The Newly Amended Indian Arts and Crafts Act to Help Reduce Fraudulant Art
By Kay Heitkamp, Two Rivers Tribune Contributing Writer
The Indian Arts and Crafts Act was recently amended in July. It applies to all members of federally recognized Tribes and will help reduce sale of arts and craftwork fraudulently labeled as Indian.
The newly amended Federal Indian Arts and Crafts Act states; “It is illegal to offer or display for sale, or sell, any art or craft product in a manner that falsely suggests it is American Indian produced, an American Indian product, or the product of a particular American Indian tribe.” According to the Act, if an item is made by a Native American artist or crafts person, it can be labeled as an Indian product. Indian labor is the key word in defining an authentic piece of artwork.
The amended law increases opportunities for Indian artists to promote and market their original and authentic arts and crafts while cracking down on artwork fraudulently labeled and marketed as Native American.
This is important because, as the popularity of Native American artwork has increased, the trend in recent years has been to sell products misrepresented as genuine Indian art. This has had a devastating effect on Tribal economies. It has been estimated that the sale of Native American arts and crafts tops one billion dollars a year nationwide. Fake artwork has both an economic and cultural impact on Tribal communities when items imported cheaply from other countries are falsely labeled as authentic Indian work and sold at a premium.
Tribes are justly proud of the reputations of their artists whose livelihoods often depend on selling what they painstakingly create in the tradition of their ancestors. Purchasing authentic Indian arts and crafts helps preserve and perpetuate Tribal culture and traditions. Indian artwork is a true grassroots art form. The man-hours involved in creating a single piece are incalculable.
For example, exquisite baskets begin with hand-gathering the fragile reeds, ferns and grasses used to weave intricate, traditional designs. The Yurok process of making deer sinew-backed bows includes hunting the deer, stripping its tendons, finding yew wood, forming and backing the bow with strips of sinew using glue made from the bladders of sturgeon.
Elegant necklaces are made from pine nuts that must be scrupulously cleaned, abalone shells gathered from the coast that must be cut and drilled under water because abalone dust is poisonous, and dentalium shells that also need to be scraped out, dried and sometimes dyed with berries or minerals before being used in jewelry. Indian silverwork created with turquoise, coral, mother of pearl or opals is world renown.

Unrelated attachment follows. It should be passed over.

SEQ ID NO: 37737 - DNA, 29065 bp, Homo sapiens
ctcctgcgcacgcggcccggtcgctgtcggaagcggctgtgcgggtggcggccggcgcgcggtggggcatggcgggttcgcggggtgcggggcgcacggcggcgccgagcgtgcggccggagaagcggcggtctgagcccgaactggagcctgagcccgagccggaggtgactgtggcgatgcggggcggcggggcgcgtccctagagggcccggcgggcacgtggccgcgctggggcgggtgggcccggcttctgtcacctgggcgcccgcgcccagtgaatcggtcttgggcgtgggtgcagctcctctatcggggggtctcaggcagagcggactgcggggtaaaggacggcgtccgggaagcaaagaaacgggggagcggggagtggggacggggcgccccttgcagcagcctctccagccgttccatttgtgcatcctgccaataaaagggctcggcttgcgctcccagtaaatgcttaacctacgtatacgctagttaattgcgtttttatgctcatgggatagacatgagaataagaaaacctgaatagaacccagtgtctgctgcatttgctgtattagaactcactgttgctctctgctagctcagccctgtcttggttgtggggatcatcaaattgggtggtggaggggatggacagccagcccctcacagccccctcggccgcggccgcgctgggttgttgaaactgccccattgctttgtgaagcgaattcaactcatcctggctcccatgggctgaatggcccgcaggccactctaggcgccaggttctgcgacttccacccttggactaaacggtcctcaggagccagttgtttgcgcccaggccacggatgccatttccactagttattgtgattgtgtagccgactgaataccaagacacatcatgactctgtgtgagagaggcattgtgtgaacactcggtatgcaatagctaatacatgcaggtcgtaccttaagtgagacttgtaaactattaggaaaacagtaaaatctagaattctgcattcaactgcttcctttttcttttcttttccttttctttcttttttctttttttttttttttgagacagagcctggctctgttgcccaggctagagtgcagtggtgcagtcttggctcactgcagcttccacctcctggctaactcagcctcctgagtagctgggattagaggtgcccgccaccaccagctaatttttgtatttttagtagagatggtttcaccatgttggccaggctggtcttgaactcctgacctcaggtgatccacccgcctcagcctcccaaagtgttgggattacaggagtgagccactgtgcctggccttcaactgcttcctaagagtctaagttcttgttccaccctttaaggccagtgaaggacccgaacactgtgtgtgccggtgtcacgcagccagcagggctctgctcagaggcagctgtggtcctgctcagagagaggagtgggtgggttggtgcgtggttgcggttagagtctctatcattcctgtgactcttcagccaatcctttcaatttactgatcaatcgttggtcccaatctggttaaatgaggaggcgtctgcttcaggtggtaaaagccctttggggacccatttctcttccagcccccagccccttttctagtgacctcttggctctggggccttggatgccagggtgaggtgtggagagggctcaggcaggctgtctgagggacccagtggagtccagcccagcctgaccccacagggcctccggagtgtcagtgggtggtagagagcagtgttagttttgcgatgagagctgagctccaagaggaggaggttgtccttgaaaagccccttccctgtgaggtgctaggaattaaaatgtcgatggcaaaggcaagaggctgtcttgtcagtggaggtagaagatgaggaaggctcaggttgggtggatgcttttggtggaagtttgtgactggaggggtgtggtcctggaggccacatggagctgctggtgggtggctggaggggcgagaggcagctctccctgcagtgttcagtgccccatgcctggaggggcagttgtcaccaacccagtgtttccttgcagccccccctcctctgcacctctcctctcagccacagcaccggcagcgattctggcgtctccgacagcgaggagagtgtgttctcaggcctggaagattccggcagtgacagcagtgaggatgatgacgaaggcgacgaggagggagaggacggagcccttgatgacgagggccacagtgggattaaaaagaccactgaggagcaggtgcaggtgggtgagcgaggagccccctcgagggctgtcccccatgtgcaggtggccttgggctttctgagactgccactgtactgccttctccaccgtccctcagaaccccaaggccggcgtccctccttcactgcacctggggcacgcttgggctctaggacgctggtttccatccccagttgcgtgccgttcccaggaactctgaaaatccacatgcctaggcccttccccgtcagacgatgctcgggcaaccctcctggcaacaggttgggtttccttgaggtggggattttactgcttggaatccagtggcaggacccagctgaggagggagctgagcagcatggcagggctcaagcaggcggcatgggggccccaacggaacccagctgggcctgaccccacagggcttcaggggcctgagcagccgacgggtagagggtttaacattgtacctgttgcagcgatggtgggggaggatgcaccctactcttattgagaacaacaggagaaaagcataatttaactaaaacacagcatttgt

Fraudulent arts and crafts injure the artists as well as consumers who are uncertain if they can trust products labeled as Native American. For their own protection, Indian artists should label their work with their name, tribal affiliation, title or type of work, and materials used in each piece. The Indian Arts and Crafts Board recommends that all artists provide a written, signed and dated guarantee to buyers that their artwork is authentic.
Complaints should be filed with the Indian Arts and Crafts Board (IACB), a federal agency within the U.S. Department of the Interior. This agency is charged with enforcing the provisions of the newly amended Indian Arts and Crafts Act. Consumers and artists can file complaints about products falsely labeled as Native American on their website at www.doi.gov/iacb. Additionally, as stated on their website, the IACB provides promotional opportunities, general business advice and information on the Indian Arts and Crafts Act to Native American artists, craftspeople, businesses, museums, and cultural centers of federally recognized Tribes.
The Act provides for criminal and civil penalties against those who fraudulently market products as ‘Indian-made’ when, in fact, they are not. Previously, only the Federal Bureau of Investigation had the authority to investigate complaints. Violations of the Act can now be investigated by all federal law enforcement officers. Penalties now are harsher. First time offenders involved in significant fraudulent sales can be fined up to $250,000, a five-year prison term, or both. Businesses that market fake Indian goods can be fined up to one million dollars. The perpetrators of smaller sales can be fined up to $25,000, one year of prison, or both.